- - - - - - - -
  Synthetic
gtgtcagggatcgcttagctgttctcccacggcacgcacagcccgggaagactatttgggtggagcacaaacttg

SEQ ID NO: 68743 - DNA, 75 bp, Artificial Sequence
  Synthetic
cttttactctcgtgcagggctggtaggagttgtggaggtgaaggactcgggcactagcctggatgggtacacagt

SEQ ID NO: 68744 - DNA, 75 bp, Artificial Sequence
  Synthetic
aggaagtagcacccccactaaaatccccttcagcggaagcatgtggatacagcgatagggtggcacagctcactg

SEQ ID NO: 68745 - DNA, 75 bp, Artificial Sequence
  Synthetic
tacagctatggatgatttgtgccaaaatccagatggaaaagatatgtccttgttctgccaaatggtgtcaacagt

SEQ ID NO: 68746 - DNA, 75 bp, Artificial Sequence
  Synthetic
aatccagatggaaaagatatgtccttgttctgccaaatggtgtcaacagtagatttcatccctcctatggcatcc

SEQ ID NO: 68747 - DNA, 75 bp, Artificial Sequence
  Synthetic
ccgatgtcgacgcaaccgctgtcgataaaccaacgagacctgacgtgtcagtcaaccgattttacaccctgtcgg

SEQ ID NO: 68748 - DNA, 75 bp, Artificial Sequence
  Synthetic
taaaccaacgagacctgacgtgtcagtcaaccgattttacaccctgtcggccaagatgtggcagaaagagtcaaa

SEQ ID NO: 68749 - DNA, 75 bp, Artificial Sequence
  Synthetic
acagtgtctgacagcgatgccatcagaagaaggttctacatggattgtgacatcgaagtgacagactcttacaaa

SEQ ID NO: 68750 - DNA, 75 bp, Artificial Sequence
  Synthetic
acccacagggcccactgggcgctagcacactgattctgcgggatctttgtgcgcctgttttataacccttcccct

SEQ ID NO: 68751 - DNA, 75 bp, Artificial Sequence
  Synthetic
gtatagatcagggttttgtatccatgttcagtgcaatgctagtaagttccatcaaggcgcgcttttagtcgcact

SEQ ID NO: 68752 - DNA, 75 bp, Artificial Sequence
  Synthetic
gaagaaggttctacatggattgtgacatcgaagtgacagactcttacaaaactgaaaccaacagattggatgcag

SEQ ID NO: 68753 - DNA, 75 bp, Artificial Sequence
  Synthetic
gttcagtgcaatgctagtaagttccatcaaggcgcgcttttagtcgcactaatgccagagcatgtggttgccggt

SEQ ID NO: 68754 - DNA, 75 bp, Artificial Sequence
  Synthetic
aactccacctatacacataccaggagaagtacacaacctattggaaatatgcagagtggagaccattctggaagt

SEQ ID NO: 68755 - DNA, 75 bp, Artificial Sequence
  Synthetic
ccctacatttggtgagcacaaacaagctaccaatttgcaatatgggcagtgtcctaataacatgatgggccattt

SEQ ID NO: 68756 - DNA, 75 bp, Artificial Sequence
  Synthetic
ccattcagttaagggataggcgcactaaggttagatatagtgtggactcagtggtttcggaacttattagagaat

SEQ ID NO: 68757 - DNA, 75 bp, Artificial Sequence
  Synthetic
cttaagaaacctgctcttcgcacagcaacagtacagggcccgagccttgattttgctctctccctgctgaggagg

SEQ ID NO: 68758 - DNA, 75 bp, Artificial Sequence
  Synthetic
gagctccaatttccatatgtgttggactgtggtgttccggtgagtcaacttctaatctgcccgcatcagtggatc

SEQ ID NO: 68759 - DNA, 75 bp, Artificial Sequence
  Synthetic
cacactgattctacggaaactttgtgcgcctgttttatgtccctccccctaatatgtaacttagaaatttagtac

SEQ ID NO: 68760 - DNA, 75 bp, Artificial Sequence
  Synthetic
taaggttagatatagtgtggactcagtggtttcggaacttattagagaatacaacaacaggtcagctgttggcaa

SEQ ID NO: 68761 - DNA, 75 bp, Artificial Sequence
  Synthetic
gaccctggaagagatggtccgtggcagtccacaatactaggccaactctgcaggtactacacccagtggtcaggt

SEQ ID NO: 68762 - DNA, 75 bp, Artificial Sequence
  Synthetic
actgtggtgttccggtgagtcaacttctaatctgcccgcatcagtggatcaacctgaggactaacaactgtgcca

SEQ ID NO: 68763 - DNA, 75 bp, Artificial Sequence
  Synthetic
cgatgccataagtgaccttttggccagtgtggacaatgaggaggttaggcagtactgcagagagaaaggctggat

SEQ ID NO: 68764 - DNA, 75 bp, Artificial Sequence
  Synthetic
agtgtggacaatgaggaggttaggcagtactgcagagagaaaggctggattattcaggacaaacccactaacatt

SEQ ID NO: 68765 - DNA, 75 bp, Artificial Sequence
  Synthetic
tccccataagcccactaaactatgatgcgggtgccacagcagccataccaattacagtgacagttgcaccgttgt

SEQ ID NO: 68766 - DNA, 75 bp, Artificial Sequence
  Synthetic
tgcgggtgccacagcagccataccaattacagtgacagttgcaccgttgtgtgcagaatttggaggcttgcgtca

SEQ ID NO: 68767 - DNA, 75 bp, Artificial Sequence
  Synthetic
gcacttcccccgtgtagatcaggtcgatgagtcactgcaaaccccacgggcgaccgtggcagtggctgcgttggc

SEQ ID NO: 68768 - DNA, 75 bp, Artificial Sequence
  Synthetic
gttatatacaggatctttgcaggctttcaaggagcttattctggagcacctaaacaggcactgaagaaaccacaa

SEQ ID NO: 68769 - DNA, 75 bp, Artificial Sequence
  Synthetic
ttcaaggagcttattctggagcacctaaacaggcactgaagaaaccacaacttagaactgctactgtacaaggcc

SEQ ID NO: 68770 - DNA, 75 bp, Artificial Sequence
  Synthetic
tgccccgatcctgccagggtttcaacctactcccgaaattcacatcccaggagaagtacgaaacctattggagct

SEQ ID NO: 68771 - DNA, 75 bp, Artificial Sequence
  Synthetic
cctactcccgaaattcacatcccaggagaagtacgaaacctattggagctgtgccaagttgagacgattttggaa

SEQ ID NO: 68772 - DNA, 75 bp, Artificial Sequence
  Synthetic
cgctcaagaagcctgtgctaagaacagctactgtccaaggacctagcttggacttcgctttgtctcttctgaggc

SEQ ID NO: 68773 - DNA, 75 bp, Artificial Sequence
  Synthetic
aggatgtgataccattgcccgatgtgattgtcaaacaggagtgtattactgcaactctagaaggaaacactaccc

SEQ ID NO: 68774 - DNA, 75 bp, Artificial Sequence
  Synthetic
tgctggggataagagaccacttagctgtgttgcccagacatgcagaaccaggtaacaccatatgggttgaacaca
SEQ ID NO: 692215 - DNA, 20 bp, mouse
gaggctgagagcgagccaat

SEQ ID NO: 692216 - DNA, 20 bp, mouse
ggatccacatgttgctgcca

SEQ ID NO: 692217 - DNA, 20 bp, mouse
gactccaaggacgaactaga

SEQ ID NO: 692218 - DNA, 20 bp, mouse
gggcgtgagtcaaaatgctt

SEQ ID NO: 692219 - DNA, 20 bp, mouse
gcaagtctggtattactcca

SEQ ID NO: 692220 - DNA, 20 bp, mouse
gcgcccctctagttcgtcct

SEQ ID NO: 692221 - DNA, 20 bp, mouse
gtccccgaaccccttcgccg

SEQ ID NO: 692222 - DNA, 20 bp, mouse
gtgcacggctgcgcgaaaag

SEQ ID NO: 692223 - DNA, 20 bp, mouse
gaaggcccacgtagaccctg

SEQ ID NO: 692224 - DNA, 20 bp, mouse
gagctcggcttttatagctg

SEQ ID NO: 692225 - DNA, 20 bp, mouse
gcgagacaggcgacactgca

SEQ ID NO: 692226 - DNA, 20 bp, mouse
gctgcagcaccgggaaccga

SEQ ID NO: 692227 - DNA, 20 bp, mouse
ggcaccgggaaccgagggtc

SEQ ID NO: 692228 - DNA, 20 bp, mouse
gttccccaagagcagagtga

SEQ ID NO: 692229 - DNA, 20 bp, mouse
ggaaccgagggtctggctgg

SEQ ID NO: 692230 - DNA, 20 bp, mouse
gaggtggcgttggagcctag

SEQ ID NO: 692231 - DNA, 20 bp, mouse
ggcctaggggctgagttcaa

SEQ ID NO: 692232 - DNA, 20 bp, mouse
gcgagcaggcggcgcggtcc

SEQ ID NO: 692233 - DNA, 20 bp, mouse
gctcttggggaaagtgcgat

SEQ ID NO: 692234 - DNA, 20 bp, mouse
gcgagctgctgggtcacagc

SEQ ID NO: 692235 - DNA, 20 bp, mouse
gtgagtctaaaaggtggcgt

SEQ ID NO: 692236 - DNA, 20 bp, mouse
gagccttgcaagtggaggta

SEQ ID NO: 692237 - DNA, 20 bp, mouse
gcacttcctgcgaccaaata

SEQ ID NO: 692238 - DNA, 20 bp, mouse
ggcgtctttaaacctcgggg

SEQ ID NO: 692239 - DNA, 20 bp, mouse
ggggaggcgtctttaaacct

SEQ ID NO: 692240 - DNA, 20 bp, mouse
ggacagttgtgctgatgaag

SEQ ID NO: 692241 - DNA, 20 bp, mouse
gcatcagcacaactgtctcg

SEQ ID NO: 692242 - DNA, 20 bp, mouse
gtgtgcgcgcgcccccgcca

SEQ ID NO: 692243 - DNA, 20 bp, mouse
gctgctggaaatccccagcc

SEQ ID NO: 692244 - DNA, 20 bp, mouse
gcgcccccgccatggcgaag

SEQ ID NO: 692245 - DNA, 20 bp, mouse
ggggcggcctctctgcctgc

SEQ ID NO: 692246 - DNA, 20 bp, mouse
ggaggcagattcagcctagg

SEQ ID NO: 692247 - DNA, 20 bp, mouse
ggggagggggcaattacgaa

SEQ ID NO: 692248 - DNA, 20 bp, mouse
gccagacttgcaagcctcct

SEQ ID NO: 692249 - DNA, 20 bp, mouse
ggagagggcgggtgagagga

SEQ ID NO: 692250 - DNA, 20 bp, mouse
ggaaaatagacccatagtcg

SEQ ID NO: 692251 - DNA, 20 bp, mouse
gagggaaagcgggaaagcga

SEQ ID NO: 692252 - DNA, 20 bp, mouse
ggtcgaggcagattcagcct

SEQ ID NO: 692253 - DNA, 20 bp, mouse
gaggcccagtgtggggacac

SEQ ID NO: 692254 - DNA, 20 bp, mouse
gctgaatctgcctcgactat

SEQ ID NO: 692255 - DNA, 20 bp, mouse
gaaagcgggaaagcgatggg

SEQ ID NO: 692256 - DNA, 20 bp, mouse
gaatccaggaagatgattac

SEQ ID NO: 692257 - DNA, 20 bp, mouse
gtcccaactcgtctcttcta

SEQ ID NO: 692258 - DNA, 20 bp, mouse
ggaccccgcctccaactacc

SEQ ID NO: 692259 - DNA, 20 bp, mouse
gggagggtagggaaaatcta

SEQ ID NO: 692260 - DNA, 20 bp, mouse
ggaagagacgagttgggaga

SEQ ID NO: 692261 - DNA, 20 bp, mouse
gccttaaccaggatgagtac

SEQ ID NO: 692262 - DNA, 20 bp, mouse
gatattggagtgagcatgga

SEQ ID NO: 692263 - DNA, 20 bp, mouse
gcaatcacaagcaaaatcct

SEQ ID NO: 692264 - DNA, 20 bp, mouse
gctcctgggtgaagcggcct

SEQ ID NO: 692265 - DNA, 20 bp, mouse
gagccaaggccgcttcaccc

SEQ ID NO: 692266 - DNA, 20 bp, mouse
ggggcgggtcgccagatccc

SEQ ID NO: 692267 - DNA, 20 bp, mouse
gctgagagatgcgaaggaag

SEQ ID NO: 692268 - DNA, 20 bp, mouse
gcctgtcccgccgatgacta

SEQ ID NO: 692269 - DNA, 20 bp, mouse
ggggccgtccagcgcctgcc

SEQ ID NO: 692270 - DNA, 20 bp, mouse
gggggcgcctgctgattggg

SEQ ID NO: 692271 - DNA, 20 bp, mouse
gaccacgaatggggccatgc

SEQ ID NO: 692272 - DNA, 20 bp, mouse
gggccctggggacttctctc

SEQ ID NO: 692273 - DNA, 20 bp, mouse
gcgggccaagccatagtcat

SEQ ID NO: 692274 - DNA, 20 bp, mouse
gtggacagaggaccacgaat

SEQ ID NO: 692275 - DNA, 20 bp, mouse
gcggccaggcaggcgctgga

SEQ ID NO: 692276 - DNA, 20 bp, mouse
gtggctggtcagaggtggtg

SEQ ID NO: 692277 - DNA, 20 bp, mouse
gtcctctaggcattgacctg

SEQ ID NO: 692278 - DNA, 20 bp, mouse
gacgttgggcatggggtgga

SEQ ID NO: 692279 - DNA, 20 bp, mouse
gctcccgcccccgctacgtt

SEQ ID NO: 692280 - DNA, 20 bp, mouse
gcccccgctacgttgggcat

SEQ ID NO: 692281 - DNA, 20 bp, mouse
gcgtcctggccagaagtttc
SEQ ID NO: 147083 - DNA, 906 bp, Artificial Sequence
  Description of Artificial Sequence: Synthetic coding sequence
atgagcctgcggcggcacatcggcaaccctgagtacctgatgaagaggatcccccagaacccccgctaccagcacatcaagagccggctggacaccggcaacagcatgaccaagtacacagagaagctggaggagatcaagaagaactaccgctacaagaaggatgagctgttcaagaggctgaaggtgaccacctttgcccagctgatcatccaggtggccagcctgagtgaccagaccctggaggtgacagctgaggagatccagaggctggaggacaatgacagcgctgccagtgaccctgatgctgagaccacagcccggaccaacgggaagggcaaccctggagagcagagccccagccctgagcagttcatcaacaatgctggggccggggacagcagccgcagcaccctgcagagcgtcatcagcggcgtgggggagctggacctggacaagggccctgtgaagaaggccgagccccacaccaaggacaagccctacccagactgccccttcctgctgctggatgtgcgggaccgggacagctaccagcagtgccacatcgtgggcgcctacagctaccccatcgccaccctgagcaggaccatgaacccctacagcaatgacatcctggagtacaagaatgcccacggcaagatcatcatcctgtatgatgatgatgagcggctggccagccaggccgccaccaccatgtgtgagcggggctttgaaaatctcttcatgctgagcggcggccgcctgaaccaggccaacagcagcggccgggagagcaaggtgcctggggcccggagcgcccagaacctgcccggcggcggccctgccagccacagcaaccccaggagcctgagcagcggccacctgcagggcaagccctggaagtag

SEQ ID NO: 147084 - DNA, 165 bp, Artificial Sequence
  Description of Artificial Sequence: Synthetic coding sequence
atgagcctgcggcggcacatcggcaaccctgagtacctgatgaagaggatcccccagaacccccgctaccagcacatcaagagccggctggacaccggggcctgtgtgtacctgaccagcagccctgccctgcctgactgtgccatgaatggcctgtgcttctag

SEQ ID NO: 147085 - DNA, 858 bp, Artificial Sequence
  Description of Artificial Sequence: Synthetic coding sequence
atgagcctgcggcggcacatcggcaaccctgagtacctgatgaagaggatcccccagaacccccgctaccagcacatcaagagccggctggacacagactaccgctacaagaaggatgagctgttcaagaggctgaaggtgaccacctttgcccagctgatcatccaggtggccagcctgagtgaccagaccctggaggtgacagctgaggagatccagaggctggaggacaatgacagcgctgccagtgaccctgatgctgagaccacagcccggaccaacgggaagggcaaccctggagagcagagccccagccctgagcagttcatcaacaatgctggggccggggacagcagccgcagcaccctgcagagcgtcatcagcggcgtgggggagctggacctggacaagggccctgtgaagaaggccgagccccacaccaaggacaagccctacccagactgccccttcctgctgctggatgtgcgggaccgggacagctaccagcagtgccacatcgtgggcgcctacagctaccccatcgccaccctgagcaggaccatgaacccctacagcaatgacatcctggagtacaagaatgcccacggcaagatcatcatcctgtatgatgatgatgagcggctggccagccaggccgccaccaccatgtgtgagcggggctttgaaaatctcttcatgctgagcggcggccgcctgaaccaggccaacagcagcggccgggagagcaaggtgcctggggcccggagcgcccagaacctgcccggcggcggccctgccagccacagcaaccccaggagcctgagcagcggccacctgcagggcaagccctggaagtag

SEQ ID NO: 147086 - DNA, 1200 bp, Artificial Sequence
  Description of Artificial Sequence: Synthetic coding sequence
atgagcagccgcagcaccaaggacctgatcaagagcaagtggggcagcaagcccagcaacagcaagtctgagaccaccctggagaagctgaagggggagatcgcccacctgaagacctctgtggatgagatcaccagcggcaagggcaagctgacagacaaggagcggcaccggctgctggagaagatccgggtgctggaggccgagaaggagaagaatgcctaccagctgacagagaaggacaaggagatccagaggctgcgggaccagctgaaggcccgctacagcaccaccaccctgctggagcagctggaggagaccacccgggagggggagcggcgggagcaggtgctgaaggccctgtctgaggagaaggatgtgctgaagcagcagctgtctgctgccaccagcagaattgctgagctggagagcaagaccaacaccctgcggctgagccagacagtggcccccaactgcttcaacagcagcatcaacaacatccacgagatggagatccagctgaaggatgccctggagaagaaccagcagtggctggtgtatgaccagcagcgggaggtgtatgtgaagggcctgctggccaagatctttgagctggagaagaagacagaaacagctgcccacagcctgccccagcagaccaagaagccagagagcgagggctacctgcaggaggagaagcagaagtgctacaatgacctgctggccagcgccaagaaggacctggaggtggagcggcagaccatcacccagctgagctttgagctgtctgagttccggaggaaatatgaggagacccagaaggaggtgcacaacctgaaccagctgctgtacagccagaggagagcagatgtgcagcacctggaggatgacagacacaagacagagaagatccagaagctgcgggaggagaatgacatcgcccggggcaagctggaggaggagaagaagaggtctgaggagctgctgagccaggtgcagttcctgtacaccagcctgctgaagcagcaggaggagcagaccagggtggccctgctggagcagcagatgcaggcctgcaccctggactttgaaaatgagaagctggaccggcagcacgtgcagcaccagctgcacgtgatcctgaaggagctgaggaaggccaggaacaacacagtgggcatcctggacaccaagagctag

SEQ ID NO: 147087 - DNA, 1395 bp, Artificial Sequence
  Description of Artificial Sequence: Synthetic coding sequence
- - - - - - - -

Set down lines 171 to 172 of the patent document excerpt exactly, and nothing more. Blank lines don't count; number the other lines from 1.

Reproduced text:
SEQ ID NO: 692251 - DNA, 20 bp, mouse
gagggaaagcgggaaagcga